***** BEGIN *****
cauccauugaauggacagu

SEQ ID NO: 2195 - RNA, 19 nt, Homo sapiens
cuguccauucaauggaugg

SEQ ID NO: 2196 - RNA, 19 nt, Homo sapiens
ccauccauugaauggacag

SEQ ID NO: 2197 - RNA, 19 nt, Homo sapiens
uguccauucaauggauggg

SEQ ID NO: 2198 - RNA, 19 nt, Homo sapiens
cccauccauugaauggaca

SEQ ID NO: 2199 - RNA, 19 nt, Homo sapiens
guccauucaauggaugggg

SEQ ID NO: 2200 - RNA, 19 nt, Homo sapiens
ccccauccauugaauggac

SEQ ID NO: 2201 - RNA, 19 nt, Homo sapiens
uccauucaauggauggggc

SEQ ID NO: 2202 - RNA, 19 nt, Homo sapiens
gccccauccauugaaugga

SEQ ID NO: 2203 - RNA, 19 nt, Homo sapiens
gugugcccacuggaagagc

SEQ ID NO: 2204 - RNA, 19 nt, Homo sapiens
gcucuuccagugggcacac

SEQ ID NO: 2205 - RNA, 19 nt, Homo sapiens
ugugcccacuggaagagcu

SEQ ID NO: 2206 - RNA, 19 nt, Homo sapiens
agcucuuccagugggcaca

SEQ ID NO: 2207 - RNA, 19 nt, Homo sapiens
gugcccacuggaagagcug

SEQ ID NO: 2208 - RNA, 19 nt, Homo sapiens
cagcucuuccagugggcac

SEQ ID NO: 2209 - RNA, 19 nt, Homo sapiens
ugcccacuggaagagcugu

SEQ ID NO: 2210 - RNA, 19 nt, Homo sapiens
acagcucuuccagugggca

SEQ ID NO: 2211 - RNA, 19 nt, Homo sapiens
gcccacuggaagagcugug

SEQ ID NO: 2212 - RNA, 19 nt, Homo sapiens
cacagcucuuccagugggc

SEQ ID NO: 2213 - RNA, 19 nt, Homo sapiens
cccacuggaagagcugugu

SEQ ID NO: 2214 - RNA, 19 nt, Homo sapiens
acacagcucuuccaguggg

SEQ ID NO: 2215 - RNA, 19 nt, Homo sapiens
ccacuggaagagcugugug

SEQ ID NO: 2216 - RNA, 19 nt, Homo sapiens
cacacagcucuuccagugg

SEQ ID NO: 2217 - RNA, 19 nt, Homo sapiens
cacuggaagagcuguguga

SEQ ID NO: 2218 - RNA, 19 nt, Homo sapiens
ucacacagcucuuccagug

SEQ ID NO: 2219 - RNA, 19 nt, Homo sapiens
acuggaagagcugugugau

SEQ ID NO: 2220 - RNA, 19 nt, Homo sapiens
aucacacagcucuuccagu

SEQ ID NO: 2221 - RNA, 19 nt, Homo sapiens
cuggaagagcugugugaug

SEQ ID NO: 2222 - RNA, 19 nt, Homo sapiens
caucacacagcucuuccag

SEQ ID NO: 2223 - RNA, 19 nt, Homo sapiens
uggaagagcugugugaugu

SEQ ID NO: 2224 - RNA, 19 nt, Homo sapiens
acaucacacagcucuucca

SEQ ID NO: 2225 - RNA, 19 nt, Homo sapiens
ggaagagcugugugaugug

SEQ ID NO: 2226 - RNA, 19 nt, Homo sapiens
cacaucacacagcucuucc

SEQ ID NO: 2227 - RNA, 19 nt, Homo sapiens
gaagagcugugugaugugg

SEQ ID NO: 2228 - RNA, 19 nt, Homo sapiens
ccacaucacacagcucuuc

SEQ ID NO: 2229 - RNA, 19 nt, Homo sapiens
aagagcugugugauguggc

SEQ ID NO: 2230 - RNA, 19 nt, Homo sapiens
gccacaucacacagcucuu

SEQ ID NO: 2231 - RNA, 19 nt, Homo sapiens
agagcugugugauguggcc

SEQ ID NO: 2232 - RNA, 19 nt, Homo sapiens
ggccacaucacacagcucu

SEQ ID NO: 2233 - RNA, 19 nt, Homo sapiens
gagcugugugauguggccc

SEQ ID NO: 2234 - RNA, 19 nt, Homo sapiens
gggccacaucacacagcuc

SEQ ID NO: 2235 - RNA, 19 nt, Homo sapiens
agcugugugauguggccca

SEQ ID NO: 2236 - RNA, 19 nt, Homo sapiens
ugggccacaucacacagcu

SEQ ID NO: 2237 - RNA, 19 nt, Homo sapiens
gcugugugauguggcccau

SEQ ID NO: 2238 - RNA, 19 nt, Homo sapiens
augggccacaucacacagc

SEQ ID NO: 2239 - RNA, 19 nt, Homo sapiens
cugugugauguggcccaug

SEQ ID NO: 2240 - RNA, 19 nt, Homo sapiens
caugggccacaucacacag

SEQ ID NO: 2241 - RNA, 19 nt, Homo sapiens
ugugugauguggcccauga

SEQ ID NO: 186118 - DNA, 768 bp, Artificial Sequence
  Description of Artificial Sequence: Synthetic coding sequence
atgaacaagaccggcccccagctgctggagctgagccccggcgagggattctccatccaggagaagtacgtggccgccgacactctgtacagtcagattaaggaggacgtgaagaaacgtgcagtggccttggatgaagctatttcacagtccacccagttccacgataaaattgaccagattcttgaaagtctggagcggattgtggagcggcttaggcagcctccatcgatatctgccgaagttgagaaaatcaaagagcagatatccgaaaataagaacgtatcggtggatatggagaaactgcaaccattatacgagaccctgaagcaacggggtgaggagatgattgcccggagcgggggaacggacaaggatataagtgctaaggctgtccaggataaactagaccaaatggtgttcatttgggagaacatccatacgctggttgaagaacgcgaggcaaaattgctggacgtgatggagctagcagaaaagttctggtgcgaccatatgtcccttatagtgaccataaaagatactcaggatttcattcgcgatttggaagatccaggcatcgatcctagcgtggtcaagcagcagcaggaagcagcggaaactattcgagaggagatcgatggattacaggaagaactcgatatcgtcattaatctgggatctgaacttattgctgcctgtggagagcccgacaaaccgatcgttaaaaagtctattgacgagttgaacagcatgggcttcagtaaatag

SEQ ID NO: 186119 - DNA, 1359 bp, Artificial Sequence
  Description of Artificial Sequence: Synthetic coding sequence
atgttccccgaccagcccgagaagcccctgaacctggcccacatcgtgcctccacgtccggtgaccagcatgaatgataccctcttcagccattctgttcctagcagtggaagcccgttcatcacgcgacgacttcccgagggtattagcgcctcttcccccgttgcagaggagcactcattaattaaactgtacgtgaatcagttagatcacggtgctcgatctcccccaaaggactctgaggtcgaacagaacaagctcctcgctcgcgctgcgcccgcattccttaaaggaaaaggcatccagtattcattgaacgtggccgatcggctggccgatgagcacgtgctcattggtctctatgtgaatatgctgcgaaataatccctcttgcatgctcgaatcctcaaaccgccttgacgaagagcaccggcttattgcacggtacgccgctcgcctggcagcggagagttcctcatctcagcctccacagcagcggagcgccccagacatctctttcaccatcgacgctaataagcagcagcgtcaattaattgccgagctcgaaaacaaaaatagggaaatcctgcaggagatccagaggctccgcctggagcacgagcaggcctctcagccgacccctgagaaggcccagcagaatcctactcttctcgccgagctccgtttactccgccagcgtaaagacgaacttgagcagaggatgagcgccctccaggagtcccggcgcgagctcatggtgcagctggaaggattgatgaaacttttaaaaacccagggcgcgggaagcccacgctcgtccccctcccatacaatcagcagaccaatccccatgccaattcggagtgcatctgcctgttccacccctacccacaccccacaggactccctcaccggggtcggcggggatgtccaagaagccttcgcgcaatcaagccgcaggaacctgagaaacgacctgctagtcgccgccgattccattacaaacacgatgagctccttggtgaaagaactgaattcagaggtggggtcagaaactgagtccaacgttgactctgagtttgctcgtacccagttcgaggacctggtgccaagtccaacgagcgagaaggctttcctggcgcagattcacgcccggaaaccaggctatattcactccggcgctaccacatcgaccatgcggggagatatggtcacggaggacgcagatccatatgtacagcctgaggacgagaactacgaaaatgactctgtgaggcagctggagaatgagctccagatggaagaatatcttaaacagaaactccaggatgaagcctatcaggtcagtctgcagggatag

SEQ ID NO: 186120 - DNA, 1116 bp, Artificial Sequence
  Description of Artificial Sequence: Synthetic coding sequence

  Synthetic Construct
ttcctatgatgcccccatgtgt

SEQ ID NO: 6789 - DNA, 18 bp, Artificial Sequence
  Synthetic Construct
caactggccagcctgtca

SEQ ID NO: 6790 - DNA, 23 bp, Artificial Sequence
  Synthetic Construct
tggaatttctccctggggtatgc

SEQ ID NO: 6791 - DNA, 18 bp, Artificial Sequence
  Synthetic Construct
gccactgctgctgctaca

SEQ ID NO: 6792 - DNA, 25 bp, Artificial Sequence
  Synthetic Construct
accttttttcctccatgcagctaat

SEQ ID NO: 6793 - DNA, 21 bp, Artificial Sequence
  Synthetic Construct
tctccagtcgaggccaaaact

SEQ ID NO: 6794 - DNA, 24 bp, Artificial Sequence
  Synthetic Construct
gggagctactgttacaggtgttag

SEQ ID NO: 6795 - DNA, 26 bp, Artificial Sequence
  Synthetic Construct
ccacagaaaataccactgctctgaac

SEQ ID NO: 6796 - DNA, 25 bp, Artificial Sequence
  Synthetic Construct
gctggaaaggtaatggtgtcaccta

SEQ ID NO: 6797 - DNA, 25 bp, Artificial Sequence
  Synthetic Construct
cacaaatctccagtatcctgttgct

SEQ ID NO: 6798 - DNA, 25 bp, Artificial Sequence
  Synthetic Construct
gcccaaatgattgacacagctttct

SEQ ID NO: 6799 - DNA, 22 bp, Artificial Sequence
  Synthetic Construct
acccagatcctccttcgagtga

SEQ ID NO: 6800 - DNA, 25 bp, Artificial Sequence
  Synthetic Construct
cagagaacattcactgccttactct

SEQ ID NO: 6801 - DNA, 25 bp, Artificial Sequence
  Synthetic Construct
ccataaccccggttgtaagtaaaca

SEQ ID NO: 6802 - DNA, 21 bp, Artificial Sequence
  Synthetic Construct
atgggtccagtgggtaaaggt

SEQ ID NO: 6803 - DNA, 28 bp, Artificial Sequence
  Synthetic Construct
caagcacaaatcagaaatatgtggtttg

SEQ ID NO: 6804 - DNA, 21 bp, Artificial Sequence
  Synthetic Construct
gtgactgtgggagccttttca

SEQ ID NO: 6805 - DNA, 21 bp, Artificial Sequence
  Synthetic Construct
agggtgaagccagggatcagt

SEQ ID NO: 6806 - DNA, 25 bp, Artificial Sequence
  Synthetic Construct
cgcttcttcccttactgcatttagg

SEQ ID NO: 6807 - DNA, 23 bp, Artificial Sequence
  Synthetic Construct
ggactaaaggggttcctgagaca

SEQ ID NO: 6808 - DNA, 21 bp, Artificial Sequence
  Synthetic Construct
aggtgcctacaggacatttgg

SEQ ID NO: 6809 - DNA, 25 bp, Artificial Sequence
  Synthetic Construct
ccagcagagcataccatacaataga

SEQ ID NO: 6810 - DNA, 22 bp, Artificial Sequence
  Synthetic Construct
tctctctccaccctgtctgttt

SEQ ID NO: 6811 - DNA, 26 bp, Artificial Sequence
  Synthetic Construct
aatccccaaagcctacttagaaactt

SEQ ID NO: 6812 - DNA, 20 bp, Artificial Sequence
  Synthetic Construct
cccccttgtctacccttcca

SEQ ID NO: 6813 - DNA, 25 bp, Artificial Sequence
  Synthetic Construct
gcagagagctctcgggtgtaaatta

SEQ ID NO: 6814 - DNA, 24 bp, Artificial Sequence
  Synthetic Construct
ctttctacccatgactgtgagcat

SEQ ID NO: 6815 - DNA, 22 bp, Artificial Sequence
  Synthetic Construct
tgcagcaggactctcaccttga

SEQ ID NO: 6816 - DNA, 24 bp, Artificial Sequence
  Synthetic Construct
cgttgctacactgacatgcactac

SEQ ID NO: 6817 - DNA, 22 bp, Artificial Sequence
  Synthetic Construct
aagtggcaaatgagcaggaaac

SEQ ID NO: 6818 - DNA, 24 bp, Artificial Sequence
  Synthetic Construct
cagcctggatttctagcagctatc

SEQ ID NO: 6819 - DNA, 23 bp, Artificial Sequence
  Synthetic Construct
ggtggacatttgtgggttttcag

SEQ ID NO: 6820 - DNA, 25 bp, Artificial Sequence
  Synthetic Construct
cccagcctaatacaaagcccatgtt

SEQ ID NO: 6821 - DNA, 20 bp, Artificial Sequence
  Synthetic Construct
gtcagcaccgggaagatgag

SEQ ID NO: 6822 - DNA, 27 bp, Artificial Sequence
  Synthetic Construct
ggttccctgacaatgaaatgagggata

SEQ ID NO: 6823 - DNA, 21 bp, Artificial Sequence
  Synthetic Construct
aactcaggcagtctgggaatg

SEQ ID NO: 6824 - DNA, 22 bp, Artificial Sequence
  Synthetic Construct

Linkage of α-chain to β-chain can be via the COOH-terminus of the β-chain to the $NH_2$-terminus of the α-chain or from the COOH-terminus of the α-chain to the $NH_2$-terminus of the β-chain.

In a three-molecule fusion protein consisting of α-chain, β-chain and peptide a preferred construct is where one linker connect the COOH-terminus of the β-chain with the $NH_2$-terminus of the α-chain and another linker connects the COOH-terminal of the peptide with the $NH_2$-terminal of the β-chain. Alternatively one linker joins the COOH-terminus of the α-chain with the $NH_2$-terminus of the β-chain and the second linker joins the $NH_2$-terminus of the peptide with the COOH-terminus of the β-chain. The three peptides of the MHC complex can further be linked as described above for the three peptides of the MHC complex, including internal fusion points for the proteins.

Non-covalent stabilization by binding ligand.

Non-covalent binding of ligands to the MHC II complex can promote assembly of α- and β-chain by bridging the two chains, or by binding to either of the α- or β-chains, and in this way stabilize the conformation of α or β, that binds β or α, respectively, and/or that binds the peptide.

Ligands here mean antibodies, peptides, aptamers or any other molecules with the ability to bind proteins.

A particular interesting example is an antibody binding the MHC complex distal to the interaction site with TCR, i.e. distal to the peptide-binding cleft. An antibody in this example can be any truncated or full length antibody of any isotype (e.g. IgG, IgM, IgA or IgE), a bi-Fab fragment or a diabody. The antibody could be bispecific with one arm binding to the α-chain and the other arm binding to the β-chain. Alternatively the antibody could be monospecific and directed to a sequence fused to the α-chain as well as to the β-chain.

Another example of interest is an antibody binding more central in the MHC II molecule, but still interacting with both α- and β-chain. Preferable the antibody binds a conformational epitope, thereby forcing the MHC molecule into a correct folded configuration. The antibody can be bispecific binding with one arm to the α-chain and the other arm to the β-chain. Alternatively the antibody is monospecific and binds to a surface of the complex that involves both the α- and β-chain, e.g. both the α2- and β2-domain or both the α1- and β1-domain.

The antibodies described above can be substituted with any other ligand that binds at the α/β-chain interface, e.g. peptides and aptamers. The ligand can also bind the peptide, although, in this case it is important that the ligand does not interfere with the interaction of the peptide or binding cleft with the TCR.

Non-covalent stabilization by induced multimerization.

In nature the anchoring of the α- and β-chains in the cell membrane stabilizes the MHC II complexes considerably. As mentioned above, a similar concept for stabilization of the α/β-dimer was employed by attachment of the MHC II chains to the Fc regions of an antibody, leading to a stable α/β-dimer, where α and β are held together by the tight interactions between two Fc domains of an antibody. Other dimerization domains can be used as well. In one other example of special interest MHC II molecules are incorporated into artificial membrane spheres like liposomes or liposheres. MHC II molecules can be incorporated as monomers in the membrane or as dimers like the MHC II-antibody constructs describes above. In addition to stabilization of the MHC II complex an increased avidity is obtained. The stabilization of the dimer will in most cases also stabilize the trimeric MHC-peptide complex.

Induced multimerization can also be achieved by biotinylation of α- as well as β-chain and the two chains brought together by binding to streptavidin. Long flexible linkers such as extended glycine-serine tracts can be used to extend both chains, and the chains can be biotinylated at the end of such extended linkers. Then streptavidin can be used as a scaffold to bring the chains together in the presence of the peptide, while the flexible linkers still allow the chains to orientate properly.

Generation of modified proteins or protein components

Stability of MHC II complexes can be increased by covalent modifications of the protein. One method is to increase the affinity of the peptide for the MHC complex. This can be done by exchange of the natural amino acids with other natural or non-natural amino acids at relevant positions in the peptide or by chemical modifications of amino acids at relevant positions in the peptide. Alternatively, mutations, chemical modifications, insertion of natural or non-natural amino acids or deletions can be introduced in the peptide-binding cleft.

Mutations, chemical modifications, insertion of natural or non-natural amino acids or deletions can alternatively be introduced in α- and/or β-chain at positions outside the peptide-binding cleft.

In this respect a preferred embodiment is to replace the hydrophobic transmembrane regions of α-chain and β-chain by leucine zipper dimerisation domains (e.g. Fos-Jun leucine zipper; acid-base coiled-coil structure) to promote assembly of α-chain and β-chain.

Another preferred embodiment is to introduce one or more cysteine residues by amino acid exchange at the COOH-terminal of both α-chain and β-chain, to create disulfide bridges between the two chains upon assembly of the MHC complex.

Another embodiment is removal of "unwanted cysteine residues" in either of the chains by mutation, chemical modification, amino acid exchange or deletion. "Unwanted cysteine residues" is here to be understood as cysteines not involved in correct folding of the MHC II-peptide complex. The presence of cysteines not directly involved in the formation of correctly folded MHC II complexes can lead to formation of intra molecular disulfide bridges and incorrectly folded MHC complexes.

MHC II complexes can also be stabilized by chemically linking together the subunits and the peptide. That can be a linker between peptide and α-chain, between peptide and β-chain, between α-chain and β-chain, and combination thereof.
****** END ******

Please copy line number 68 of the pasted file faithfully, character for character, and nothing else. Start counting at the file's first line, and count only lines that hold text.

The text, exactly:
SEQ ID NO: 2228 - RNA, 19 nt, Homo sapiens